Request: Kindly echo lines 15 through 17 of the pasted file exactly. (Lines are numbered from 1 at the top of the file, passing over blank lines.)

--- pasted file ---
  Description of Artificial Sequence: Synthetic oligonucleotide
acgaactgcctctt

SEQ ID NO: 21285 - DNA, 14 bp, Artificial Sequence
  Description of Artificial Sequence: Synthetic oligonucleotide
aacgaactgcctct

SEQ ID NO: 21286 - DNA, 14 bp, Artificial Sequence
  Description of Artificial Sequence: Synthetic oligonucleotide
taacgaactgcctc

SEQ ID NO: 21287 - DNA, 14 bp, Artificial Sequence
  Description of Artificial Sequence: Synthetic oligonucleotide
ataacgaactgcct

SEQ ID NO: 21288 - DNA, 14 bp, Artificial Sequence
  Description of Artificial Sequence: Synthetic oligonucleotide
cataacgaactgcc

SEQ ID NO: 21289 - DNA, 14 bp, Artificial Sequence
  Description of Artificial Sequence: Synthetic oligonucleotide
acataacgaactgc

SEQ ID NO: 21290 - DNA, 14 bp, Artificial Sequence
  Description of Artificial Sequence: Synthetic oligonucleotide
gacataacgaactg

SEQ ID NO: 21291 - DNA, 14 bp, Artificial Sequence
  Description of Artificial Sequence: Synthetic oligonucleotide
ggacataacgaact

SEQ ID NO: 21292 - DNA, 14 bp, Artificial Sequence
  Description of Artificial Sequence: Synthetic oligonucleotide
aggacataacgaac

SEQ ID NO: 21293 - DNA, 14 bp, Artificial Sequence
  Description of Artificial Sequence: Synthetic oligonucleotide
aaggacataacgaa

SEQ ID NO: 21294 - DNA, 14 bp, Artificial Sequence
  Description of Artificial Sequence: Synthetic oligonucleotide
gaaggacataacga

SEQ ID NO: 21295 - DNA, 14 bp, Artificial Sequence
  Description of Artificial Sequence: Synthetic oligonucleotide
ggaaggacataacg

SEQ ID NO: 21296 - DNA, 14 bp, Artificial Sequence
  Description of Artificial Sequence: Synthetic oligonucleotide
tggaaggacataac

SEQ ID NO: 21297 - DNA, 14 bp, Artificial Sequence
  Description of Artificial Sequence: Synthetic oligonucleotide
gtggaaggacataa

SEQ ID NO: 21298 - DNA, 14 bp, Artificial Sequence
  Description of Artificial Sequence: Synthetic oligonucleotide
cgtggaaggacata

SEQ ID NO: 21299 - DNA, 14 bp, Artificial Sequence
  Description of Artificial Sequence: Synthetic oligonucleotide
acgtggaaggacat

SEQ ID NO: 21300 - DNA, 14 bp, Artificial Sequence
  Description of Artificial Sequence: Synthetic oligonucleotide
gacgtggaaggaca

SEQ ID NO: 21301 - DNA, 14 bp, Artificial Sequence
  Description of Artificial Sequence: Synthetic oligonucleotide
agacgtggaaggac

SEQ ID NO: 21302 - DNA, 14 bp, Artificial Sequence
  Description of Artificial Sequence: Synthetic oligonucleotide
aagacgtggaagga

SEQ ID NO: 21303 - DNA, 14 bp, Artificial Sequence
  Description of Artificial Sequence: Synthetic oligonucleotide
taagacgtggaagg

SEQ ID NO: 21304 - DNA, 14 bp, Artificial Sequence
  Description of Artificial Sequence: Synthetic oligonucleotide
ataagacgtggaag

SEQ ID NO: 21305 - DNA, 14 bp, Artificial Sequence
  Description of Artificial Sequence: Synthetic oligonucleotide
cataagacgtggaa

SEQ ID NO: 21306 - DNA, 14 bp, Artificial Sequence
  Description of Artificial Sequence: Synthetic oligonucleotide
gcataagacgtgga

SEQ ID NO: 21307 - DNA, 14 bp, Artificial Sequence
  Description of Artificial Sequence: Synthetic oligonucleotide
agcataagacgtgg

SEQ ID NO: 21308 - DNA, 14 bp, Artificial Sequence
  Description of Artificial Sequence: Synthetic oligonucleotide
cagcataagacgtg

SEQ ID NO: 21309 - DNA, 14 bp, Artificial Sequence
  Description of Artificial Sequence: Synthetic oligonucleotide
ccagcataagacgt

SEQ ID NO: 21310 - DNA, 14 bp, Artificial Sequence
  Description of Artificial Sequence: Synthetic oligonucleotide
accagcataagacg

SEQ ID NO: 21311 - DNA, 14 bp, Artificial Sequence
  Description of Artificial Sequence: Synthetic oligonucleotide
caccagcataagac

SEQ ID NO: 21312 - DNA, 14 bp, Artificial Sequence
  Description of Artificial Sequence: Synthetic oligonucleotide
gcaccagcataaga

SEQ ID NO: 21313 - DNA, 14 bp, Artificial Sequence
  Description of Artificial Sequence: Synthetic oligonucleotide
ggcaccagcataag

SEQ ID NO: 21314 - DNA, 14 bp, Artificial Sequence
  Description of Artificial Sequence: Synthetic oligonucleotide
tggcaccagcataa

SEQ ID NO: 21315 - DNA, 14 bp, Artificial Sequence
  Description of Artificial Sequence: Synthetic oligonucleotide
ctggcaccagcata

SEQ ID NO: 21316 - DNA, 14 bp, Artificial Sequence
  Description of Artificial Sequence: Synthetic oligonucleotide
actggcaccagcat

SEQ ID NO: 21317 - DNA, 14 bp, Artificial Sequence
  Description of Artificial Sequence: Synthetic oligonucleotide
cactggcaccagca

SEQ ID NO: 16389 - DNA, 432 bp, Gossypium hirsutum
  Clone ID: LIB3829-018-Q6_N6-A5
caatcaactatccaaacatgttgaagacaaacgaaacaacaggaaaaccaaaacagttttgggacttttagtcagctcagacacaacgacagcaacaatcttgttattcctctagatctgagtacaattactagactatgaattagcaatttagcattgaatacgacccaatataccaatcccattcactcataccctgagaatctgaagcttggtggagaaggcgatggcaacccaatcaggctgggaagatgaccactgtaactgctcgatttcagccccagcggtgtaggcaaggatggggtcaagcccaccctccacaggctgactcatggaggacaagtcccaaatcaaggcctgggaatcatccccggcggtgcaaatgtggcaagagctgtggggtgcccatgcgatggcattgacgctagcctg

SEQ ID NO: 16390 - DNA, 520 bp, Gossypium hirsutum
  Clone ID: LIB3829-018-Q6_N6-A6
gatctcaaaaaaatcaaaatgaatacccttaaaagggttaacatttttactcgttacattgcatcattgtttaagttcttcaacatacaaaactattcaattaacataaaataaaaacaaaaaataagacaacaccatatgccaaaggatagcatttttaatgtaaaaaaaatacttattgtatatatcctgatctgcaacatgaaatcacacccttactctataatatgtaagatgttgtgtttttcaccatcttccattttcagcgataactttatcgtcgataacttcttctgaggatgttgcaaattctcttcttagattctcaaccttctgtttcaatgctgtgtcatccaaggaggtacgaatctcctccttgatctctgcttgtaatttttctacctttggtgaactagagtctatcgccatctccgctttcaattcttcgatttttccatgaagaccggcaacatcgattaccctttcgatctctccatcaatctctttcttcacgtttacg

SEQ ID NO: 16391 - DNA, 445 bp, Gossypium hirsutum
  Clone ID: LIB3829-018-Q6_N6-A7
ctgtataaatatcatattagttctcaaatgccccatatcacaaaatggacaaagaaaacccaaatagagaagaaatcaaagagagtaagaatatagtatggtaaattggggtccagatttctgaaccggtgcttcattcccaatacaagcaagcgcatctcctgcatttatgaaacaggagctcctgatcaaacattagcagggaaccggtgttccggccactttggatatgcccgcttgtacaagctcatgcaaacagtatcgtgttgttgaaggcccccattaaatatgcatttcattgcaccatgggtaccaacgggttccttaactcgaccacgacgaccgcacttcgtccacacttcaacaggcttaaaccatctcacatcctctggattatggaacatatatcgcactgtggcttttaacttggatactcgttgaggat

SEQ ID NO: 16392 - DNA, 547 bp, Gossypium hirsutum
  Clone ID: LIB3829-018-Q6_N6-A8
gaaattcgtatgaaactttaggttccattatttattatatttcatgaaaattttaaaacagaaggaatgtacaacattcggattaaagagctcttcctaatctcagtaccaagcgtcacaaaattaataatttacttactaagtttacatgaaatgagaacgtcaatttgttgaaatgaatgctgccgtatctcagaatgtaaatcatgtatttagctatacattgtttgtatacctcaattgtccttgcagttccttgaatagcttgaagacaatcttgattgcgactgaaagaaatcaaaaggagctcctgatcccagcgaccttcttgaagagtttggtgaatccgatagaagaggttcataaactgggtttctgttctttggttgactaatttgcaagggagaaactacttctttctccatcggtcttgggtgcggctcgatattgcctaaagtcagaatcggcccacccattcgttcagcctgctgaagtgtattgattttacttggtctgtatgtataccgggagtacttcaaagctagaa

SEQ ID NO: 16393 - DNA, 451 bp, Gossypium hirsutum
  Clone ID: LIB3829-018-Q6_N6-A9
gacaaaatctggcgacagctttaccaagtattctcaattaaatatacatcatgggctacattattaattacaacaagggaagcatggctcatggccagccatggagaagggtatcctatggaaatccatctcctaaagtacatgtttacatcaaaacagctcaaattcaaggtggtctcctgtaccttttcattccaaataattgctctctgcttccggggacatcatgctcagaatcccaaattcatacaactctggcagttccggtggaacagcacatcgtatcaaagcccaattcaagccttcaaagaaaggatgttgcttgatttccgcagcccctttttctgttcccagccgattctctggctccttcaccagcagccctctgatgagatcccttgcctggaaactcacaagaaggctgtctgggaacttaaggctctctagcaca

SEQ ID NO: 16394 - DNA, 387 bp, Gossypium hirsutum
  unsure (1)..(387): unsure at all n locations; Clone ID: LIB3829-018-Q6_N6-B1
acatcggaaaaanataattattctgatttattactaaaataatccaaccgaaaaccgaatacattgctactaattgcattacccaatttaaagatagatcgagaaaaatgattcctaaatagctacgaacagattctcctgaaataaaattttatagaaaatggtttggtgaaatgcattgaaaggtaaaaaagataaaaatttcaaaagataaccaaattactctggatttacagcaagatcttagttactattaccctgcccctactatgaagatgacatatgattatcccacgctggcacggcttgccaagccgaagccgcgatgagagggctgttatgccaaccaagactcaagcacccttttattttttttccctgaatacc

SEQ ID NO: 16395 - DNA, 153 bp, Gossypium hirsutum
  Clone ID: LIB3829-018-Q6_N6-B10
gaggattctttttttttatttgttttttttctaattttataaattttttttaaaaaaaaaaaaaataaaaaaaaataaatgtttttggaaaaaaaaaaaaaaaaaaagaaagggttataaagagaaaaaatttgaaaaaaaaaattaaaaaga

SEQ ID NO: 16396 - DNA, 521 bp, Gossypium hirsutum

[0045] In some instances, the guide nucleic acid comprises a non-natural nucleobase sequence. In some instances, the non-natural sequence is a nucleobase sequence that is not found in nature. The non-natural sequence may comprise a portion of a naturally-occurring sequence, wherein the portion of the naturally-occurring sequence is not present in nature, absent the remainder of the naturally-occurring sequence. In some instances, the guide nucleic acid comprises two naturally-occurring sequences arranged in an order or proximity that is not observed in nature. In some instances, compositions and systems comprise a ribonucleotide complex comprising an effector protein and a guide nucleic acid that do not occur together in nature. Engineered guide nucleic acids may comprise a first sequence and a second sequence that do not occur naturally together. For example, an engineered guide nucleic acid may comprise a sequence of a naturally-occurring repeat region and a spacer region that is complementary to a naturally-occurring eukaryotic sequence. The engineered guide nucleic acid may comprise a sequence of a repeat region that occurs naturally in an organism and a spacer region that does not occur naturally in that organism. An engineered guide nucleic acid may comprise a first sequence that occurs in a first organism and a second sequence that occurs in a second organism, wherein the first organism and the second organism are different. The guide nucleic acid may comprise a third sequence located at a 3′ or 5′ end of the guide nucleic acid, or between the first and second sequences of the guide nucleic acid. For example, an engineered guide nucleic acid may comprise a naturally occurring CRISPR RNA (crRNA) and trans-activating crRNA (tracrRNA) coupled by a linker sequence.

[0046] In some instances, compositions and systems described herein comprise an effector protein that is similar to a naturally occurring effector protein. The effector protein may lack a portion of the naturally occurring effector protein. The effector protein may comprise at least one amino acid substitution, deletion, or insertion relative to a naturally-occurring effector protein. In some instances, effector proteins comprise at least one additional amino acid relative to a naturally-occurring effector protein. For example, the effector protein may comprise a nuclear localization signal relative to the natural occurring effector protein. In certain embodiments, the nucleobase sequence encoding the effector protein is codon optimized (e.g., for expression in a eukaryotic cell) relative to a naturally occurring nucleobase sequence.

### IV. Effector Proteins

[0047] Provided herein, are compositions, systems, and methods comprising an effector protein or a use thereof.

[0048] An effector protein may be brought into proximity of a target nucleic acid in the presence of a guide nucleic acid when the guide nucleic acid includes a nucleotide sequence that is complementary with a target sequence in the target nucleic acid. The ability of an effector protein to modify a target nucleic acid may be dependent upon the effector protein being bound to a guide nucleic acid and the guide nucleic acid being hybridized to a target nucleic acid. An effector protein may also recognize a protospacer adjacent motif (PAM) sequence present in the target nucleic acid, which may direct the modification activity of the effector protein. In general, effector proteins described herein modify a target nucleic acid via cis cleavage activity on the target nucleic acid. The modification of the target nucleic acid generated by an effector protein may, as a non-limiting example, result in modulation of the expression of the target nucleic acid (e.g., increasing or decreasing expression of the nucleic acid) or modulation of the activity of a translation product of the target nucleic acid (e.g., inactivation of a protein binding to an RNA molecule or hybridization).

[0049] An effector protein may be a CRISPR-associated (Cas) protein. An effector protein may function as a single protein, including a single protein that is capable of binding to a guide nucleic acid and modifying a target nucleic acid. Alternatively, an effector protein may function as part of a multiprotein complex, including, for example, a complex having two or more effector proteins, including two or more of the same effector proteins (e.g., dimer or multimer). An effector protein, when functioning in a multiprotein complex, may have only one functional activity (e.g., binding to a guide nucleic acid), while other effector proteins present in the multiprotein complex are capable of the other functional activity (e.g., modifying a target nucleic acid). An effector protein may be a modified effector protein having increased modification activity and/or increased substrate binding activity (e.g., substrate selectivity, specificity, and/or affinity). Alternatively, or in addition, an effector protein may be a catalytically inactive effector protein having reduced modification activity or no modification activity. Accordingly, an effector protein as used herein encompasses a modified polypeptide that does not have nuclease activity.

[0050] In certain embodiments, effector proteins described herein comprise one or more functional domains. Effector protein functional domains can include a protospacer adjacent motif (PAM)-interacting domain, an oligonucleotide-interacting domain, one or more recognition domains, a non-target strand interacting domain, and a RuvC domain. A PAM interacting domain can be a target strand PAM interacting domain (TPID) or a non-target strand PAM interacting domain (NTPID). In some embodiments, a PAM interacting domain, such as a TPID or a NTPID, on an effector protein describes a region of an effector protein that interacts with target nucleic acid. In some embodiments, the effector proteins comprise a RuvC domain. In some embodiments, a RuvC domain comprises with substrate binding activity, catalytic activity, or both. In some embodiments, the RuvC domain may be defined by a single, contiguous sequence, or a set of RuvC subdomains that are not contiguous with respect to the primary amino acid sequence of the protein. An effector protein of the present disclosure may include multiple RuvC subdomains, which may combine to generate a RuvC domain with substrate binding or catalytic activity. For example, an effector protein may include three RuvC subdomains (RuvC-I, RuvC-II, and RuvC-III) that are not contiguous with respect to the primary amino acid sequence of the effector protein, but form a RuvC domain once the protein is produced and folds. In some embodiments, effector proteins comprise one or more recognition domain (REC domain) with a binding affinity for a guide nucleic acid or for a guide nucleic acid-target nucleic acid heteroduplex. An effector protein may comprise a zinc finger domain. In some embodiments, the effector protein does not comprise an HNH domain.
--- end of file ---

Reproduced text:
SEQ ID NO: 21289 - DNA, 14 bp, Artificial Sequence
  Description of Artificial Sequence: Synthetic oligonucleotide
acataacgaactgc